Making The Case For Non-Engagement Letters
What’s all the fuss about non-engagement letters?
Why should I waste time and energy protecting myself from something that never happened in the first place?
The answer: to avoid malpractice liability and State Bar grievances.
Claims filed by those whom you never even considered a client are a real and substantial risk. Accordingly, the non-engagement letter should be a principal part of your client intake process.
Without a fee, without a commitment to representation, and sometimes even without having offered any legal advice, an attorney can become the subject of a malpractice suit. This is because the determination of whether or not an attorney-client relationship exists is based on the client/non-client’s reasonable beliefs and perceptions.
Consider the prospective client who mistakenly walks into a firm that exclusively practices environmental law. The potential client describes a clear case of medical malpractice. The attorney replies that as unfortunate as the situation is, the firm cannot help. The client interprets this to mean the claim has no merit. Sometime thereafter, the prospective client discovers that she had a multi-million dollar medmal claim – now moot because the statute of limitations has expired. She sues the environmental firm for legal malpractice.
This scenario occurred in a case in Minnesota. In that lone client meeting, no fee arrangements were discussed, no medical authorizations were requested, and no bill was sent for the consultation. The interviewing attorney made it clear the case was one the firm would not be interested in taking, and the client was encouraged to seek another attorney’s opinion. The client did not consult another attorney. The jury awarded $650,000 in damages.
The whole mess could have been avoided through a simple form non-engagement letter.
Beyond its value for loss prevention, a non-engagement letter can serve a valuable marketing function. Think about it. You’re sending a letter to someone who is not a client now but might become one in the future. Hopefully, they left your office with a positive impression. They will likely hold onto that letter – which contains your name and contact information – because it is from a lawyer.
If the case was declined because it was outside your area of practice, consider including a brochure describing the firm’s service. The extra effort could pay off in the future.
Awaiting Further Instructions
The non-engagement letter is not limited to situations where the firm decides not to represent a prospective client, but should also be utilized when it becomes evident that the client has decided not to proceed. If the firm has been awaiting further instructions for a questionable length of time after a consultation, a non-engagement letter should be sent. This documents that the client’s lack of communication or follow-through, not the firm’s inactivity, was the reason the representation did not continue.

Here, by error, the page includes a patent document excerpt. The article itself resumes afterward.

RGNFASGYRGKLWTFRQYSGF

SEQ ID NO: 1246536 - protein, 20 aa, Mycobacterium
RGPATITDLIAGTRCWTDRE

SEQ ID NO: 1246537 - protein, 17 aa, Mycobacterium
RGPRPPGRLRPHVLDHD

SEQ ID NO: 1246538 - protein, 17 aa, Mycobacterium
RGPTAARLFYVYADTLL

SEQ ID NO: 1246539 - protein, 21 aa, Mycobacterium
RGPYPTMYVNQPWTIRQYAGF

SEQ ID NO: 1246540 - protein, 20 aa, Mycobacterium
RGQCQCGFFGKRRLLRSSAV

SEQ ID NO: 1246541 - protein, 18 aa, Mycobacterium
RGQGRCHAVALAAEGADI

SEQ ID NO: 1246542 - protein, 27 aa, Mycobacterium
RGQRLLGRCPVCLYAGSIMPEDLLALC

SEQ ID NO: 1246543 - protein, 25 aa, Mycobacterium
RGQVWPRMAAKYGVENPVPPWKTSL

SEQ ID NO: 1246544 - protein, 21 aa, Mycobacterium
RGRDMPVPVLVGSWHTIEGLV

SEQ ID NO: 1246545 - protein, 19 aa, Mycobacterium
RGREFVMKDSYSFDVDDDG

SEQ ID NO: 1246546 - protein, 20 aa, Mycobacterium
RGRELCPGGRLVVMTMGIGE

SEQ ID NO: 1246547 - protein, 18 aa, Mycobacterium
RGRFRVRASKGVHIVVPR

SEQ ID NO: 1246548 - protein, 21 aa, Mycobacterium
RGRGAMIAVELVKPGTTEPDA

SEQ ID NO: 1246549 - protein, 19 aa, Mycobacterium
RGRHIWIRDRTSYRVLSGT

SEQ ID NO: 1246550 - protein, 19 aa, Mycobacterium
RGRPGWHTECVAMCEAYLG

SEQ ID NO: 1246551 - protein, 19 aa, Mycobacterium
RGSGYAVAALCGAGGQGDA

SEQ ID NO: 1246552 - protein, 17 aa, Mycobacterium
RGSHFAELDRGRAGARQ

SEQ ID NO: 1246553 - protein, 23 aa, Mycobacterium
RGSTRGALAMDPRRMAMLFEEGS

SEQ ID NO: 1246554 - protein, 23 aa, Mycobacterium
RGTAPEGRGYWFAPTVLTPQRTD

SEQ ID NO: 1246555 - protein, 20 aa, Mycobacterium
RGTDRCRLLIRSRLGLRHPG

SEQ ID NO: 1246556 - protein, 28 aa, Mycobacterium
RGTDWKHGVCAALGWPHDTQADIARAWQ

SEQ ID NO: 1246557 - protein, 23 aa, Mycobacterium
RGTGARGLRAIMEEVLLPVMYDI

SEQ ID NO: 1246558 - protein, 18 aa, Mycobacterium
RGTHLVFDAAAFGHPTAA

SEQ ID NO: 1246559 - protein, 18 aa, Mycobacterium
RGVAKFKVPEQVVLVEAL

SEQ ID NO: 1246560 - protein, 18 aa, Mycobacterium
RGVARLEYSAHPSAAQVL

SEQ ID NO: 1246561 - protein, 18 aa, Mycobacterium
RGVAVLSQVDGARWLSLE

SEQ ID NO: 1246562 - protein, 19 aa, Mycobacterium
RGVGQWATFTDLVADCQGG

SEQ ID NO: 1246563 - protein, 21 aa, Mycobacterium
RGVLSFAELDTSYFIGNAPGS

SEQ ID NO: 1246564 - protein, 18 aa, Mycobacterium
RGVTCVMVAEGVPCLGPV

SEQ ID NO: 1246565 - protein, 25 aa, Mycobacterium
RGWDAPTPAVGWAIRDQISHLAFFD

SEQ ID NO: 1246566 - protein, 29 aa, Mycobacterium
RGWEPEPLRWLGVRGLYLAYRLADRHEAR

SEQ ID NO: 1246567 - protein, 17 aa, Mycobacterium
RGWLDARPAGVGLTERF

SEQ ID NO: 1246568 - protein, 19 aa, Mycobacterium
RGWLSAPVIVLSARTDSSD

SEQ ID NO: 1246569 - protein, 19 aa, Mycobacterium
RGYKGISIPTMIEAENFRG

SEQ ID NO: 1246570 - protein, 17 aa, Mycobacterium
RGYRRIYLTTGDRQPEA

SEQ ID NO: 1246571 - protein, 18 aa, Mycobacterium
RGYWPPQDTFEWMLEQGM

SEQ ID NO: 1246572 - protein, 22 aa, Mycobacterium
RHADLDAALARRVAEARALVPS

The Beauty Contest
Some client stage beauty contests where they check out different firms to see which is the most attractive. If your firm does not win the crown, be sure to send a non-engagement letter. This confirms no representation will be undertaken. This letter should also confirm that information learned during the consultation will not be used to disqualify the firm from representing any other party in the matter.
When an attorney is representing less than all of the parties to a transaction, a non-engagement letter should be issued to the unrepresented client, even if this is also stated in the engagement letter. Otherwise, there is a risk that a misunderstanding (or a client fabrication) will lead to claims that the lawyer was providing representation to all. Some courts have even suggested incorporating a recommendation to seek another attorney into the non-engagement letter to help minimize the risk involved.
Similarly, written documentation will provide protection if one or more of the non-clients in the transaction are using another lawyer or are proceeding without one but asks the firm to provide a limited service. For instance, if only the seller is represented in a transaction for the sale of a house and the buyer asks the seller’s attorney to record the deed, the seller’s lawyer should expressly state in writing that he or she will perform the requested service but is not otherwise representing the buyer.
Claims of negligent misrepresentation can arise out of situations where an attorney, typically counsel for a corporation, offers opinions on a matter and another party to the contract relies on that opinion, even if that party has their own lawyer. No attorney-client relationship is claimed, but liability can still be alleged on the theory of detrimental reliance. Typically, this risk can be avoided by way of a disclaimer stating that such an opinion is intended exclusively for the benefit of the client and no other person or party. A non-engagement letter can be sued as an alternative or supplemental protective measure.
Lawyers Mutual has sample form letters of non-engagement for you to use and/or modify to suit your particular needs. Or you can call our risk management office at 1-800-662-8843 for more information. Visit our website and click on “risk management resources.”
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Ernest (Jay) Reeves Jr. is an attorney licensed in North Carolina and South Carolina. He has practiced in both states and was Legal Editor at Lawyers Weekly and Risk Manager at Lawyers Mutual. He writes the Risk Man column of practice pointers and risk management tips. Contact firstname.lastname@example.org, phone 919-619-2441.